Question Time: MEND’s Shenaz Bunglawala tackles Baroness Cox’s claim that British Muslim men have ‘up to 20 children’
Shenaz Bunglawala, Head of Research at MEND, offers her thoughts on recent comments in the press by Baroness Cox that British Muslim men have ‘up to 20 children’.
Above: Shenaz Bunglawala
It is almost par for the course that we often see some peers of the realm engage in behaviour that one might reasonably consider as bringing the House of Lords into disrepute. Whether it is the former UKIP leader, Lord Pearson of Rannoch who wants Muslims to “address the violence in the Qur’an” and who is currently at work on a guide for “integrating Muslim communities better,” or Baroness Shreela Flather, who thinks Muslims are “all on benefits and all vote Labour,” we’ve become accustomed to hearing nonsense spoken on the floor of the venerable chamber.
The amplification of such nonsense by the newspapers in the form of news reports highlighting the comments can seem incendiary when one considers (a) the newspaper titles most likely to report on these things (b) the ‘fitting in’ of the coverage with a newspaper’s general tone on Muslims, benefits and, in particular, Muslim women.
Baroness Caroline Cox’s recent remarks about Muslim men in Britain living in polygamous marriages and fathering up to 20 children might seem like a favourable nod in the direction of ‘Eurabia’ fantasists dressed up as a regard for gender equality, but her comments and news reports on them tell us quite a bit about standards in journalism and Islamophobia in the British press.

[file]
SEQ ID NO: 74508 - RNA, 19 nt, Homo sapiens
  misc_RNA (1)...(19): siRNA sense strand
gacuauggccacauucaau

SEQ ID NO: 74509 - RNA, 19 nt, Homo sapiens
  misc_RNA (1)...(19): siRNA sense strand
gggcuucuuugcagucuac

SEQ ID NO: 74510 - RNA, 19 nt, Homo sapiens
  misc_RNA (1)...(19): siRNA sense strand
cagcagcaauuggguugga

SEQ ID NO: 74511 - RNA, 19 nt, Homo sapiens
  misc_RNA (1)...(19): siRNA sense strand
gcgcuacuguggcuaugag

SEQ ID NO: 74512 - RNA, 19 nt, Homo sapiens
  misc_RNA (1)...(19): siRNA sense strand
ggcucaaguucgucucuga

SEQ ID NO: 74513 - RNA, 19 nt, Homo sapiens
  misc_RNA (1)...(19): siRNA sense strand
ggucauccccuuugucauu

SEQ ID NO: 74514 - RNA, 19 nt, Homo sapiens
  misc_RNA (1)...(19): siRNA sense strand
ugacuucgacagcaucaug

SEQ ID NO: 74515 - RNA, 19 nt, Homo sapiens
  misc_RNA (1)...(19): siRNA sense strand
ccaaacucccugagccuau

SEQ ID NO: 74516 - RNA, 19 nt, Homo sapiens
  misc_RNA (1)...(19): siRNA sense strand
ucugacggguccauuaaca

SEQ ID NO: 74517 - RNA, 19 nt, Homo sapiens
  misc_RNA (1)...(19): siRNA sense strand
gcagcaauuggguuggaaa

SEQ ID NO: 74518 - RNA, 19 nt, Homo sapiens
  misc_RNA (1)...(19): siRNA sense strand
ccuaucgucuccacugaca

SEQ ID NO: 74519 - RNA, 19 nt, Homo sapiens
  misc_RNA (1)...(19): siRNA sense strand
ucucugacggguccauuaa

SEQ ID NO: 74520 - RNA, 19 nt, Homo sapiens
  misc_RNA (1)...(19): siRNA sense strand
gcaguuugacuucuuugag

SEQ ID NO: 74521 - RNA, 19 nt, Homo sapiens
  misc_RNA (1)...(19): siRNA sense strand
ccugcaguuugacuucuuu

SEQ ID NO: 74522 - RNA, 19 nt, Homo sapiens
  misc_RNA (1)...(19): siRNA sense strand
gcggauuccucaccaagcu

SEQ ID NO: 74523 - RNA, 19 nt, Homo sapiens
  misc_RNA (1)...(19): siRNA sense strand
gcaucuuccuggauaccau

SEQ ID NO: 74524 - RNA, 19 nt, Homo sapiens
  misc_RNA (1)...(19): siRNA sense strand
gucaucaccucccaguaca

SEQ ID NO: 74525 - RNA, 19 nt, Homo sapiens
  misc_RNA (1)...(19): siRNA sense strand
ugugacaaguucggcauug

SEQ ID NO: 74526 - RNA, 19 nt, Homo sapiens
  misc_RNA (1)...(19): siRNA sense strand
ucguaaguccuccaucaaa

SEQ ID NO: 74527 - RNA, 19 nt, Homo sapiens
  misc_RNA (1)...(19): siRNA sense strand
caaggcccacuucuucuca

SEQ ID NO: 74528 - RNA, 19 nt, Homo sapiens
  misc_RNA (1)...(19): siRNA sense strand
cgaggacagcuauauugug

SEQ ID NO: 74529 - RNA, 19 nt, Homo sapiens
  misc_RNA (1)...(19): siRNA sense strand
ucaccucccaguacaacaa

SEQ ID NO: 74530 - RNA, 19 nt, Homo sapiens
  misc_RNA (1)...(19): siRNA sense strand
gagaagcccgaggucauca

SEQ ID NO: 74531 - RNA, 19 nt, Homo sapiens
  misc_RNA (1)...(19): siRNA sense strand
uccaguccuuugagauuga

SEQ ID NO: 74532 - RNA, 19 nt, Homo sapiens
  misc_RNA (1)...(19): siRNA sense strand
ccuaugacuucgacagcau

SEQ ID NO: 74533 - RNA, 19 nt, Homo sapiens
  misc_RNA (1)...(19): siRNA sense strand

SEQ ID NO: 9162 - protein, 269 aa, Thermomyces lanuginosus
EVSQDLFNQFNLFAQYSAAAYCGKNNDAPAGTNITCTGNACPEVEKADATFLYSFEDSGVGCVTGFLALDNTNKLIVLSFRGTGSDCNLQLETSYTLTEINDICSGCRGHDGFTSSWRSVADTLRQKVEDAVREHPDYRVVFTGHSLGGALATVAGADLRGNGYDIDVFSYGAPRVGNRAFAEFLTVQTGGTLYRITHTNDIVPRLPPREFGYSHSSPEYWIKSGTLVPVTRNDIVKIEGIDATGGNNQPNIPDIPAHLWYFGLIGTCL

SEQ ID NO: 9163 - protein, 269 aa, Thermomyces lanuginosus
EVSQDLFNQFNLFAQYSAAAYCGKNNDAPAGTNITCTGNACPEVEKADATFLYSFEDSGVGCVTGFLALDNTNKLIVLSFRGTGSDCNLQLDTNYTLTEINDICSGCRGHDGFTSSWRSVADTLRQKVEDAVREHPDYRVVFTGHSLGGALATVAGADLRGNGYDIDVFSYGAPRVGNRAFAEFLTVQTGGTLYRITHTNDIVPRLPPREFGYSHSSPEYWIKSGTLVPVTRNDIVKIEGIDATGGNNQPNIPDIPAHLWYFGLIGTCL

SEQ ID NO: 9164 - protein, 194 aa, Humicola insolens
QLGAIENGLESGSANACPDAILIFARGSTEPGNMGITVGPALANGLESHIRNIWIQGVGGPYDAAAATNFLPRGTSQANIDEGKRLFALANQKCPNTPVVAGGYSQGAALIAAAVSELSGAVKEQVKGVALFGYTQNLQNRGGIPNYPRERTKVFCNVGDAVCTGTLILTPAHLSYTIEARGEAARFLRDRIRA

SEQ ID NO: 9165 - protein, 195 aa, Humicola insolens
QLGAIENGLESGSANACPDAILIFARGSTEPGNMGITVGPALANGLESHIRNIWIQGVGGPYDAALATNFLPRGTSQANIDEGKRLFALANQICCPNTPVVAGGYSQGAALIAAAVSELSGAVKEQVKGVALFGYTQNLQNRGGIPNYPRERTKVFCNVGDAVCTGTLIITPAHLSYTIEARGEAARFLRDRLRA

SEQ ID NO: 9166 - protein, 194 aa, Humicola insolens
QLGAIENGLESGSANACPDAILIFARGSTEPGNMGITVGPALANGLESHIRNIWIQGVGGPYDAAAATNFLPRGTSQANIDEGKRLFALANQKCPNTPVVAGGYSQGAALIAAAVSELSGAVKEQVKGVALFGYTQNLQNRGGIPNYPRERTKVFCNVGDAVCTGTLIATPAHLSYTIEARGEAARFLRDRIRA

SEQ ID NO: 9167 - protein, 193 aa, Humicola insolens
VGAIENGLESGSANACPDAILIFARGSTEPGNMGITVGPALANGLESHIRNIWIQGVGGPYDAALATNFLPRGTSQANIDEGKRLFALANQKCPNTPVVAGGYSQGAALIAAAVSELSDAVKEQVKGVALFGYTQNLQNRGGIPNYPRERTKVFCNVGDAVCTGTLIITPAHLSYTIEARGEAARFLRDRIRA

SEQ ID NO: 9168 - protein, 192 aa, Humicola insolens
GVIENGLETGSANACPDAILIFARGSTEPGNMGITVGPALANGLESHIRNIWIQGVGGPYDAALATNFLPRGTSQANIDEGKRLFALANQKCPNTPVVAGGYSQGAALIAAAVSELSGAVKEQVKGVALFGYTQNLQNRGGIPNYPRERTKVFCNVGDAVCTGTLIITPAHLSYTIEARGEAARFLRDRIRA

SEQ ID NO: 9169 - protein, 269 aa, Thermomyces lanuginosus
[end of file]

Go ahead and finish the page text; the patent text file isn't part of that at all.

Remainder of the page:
Take for example, the fact that the Baroness pointed only to “Muslim friends” as her basis of evidence in claiming that Muslim men were engaging in polygamy and that “20 children” was the cost of such errant, illegal behaviour. Might it be too much to expect that journalists reporting on her comments probe the soundness of the ‘evidence base’ offered? Or indeed seek to probe the claim further by investigating whether an evidence base exists to verify that claim, or one approximating it?
Might Muslims fairly ask if newspapers would blindly repeat claims such as the one about Muslim men by Baroness Cox if the faith group was something other than British Muslims?
The proposed ‘test’ that newspaper sub-editors substitute ‘Jews’, ‘Blacks’ or ‘gays’ for stories proposed about ‘Muslims’ seems a sensible one given the observed tendency in sections of the British press “to portray Muslims in a negative light,” as Lord Leveson put it.
Let me share the findings from new research MEND have commissioned on the representations of Islam and Muslims in the British press from 2010 – 2014. The research builds on the brilliant analysis by Professors Tony McEnery and Paul Baker, and Costas Gabrielatos, in the largest study ever done on Islam and Muslims in the British national press. Their book, Discourse Analysis and Media Attitudes: The Representation of Islam in the British press, covers the period 1998-2009. This year, we commissioned McEnery and Baker to extend the corpus to cover the period 2010-2014 and compare and contrast the results with the earlier corpus. The new research is due for publication next month but here I want to share some findings with respect to Muslim women, and also regarding the subject of the veil.
One of findings from the new corpus restates a pattern familiar from the old, that “the main picture is a continuation of older discourses which focus on Muslim women as victims, receiving special treatment, victimisation or problematizing their dress.”
The finding is relevant in consideration of the justification offered by Baroness Cox for her Arbitration and Mediation Bill, and her fulsome support for a review of the work of shari’ah tribunals, namely that these discriminate against Muslim women.